The Daily Telegraph
Williamson and Ofqual divided over exam grades
Watchdog board split over algorithm which members fear has led to loss of public trust
THE Education Secretary last night faced being undermined as it emerged key figures at the exam regulator want the Government to about-turn and award students their predicted grades.
The Daily Telegraph can disclose that board members of Ofqual – the Office of Qualifications and Examinations Regulation – want to ditch their own algorithm, controversially used to calculate A-level and GCSE results this year.
Gavin Williamson has repeatedly defended the algorithm as the fairest way to award student grades after exams were cancelled in lockdown, and said there will be “no U-turn, no change”.
He has insisted using teachers’ predictions – “centre assessed grades” or CAGS – would lead to massive grade inflation and devalue the qualifications.
However, sources told this newspaper that a split emerged in Ofqual’s board at the weekend, whereby some members believed the algorithm had led to a “haemorrhaging” of public trust in qualifications and that performing an about-turn, as the Scottish government had done, was the “least bad option”.
The decision to do away with the algorithm and instead award teachers’ predictions lies with the Education Secretary, who would need to issue a directive to Ofqual. That senior figures at the regulator are now calling for the change will put Mr Williamson under pressure to act.
But even as the fiasco over A-level results is being unpicked, a similar row over GCSES looms, with results due for release on Thursday.
The latest development came after a weekend in which Ofqual issued guidance on how students could appeal against their grades – then pulled it hours later amid concern it was at odds with government policy.
Last night, the guidance remained unpublished, despite appeals being due to start today and pupils facing a race to secure places at university.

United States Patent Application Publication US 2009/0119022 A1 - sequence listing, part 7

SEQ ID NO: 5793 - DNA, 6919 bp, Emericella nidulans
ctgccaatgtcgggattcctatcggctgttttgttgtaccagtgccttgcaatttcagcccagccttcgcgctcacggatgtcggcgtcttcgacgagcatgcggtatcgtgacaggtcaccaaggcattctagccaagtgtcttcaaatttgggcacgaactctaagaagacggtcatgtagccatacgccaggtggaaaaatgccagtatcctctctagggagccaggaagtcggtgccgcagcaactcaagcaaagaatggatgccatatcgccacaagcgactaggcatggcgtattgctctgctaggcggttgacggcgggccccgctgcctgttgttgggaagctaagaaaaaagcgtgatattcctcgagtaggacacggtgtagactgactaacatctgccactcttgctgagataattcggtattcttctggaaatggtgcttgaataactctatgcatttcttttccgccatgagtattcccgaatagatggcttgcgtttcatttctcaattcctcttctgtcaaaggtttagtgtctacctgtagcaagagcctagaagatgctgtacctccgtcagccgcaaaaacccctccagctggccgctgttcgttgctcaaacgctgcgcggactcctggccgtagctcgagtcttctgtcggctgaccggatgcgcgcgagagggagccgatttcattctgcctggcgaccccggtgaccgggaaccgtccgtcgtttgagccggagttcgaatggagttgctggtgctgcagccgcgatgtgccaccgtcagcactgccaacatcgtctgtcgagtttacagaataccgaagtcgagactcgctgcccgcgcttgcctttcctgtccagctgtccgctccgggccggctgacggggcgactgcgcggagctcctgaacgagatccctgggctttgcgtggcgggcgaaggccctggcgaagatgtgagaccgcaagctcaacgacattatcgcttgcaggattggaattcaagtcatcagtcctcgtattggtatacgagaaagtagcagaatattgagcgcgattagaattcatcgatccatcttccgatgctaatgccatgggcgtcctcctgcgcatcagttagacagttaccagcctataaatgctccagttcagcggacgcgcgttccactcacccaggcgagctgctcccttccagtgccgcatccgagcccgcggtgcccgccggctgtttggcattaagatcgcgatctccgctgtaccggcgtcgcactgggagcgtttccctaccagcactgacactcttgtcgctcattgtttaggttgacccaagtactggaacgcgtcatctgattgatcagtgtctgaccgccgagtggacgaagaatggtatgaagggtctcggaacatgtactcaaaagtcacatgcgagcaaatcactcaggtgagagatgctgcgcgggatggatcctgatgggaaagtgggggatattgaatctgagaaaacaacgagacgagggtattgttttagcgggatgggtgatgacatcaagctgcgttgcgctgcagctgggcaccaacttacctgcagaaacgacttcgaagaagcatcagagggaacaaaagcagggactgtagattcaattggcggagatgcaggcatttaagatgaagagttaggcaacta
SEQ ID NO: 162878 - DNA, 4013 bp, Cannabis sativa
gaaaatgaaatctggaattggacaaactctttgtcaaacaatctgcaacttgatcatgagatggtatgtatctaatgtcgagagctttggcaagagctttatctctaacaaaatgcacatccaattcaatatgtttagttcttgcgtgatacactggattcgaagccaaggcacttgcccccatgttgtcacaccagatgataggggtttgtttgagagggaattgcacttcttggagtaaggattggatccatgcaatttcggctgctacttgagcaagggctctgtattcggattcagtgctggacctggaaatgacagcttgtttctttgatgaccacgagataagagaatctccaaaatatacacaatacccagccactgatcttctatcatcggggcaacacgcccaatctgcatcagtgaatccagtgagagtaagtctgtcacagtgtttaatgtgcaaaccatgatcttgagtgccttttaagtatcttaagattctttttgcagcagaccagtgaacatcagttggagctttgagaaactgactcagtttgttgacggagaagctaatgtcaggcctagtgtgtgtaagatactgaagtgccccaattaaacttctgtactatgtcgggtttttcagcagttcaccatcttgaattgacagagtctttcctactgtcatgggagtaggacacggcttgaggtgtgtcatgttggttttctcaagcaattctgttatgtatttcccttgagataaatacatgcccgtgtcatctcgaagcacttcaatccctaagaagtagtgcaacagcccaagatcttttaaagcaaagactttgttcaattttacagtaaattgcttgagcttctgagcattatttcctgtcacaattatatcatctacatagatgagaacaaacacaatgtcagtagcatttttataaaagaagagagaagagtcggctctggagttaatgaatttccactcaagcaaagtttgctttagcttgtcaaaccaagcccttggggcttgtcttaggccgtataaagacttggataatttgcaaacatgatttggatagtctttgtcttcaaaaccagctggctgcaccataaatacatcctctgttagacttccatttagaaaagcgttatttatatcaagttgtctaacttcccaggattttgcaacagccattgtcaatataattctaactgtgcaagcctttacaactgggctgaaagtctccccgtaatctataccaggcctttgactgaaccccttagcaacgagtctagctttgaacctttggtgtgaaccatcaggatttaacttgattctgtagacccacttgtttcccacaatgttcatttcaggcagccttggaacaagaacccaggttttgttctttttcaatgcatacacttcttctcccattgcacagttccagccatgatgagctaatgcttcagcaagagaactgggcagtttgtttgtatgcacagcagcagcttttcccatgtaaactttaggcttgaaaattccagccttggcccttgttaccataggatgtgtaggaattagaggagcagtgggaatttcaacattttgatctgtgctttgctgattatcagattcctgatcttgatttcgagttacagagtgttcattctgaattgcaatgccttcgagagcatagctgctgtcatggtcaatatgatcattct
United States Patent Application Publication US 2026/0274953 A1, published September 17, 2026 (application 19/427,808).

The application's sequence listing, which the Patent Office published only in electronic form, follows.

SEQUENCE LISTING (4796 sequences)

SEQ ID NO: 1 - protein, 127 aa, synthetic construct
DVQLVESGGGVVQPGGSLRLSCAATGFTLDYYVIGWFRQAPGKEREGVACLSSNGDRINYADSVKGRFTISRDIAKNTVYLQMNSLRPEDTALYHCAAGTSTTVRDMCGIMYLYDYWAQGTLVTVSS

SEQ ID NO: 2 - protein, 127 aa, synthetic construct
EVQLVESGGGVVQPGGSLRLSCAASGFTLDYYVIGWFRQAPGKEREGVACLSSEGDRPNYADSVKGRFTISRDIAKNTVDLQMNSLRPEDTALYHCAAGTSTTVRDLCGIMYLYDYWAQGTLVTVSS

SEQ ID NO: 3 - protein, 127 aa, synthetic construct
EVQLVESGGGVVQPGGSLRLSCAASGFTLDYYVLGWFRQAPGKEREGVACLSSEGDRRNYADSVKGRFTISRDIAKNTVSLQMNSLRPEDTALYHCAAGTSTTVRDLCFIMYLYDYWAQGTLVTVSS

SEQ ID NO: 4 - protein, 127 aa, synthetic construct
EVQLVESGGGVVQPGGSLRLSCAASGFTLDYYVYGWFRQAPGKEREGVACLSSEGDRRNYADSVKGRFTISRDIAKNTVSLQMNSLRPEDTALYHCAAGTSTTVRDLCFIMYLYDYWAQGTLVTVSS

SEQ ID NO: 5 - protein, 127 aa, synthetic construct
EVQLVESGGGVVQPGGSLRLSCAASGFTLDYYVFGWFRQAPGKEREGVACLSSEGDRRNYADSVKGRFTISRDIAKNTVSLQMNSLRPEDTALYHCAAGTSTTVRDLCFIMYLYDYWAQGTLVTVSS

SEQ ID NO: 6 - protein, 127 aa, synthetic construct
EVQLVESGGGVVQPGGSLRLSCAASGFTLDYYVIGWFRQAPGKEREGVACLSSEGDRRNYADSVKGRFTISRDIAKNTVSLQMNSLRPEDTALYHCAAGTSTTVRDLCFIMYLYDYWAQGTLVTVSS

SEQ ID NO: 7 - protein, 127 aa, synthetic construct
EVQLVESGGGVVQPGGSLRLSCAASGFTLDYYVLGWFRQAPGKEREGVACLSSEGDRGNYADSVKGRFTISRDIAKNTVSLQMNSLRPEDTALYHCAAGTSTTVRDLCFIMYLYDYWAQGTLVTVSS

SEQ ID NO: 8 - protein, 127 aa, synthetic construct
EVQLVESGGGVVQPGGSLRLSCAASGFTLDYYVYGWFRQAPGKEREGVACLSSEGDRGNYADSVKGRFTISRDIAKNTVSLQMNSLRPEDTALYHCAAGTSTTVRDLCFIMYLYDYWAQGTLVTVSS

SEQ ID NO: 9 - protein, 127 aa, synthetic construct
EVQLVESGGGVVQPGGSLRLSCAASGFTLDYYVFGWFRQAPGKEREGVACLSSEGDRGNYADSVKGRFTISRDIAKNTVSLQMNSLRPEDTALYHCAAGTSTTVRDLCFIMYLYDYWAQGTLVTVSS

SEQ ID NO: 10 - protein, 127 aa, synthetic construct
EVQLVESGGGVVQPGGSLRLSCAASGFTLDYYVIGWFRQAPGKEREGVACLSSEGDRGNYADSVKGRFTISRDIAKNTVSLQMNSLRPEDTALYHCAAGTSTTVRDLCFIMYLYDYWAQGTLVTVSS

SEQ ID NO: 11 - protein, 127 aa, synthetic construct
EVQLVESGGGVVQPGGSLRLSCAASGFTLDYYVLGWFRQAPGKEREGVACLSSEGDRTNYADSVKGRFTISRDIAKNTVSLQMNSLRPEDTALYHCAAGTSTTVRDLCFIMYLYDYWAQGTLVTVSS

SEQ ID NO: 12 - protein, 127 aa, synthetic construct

Universities are under pressure to honour offers to students made on the basis of predicted grades. The four Children’s Commissioners for the UK have published a joint letter calling for this, and in a letter to this newspaper, 15 former presidents of the Oxford University Students’ Union urged the elite institution to do the same.
A source familiar with the split within Ofqual said: “I don’t think it was understood how difficult it would be to secure public confidence in grades calculated by an algorithm rather than results of an actual exam.
“It has become clear that the only alternative to the attempt to standardise grades is to award CAGS, despite reservations that exist about consistency.”
They added that pressing ahead with plans to award GCSE results based on the algorithm would be “suicide”.
Lord Baker, who created GCSES in the Eighties, said results day this Thursday should be postponed.
“Their algorithm is flawed,” he said. “This will result in millions of aggrieved students and many more aggrieved parents and grandparents. If you are in a hole, stop digging.”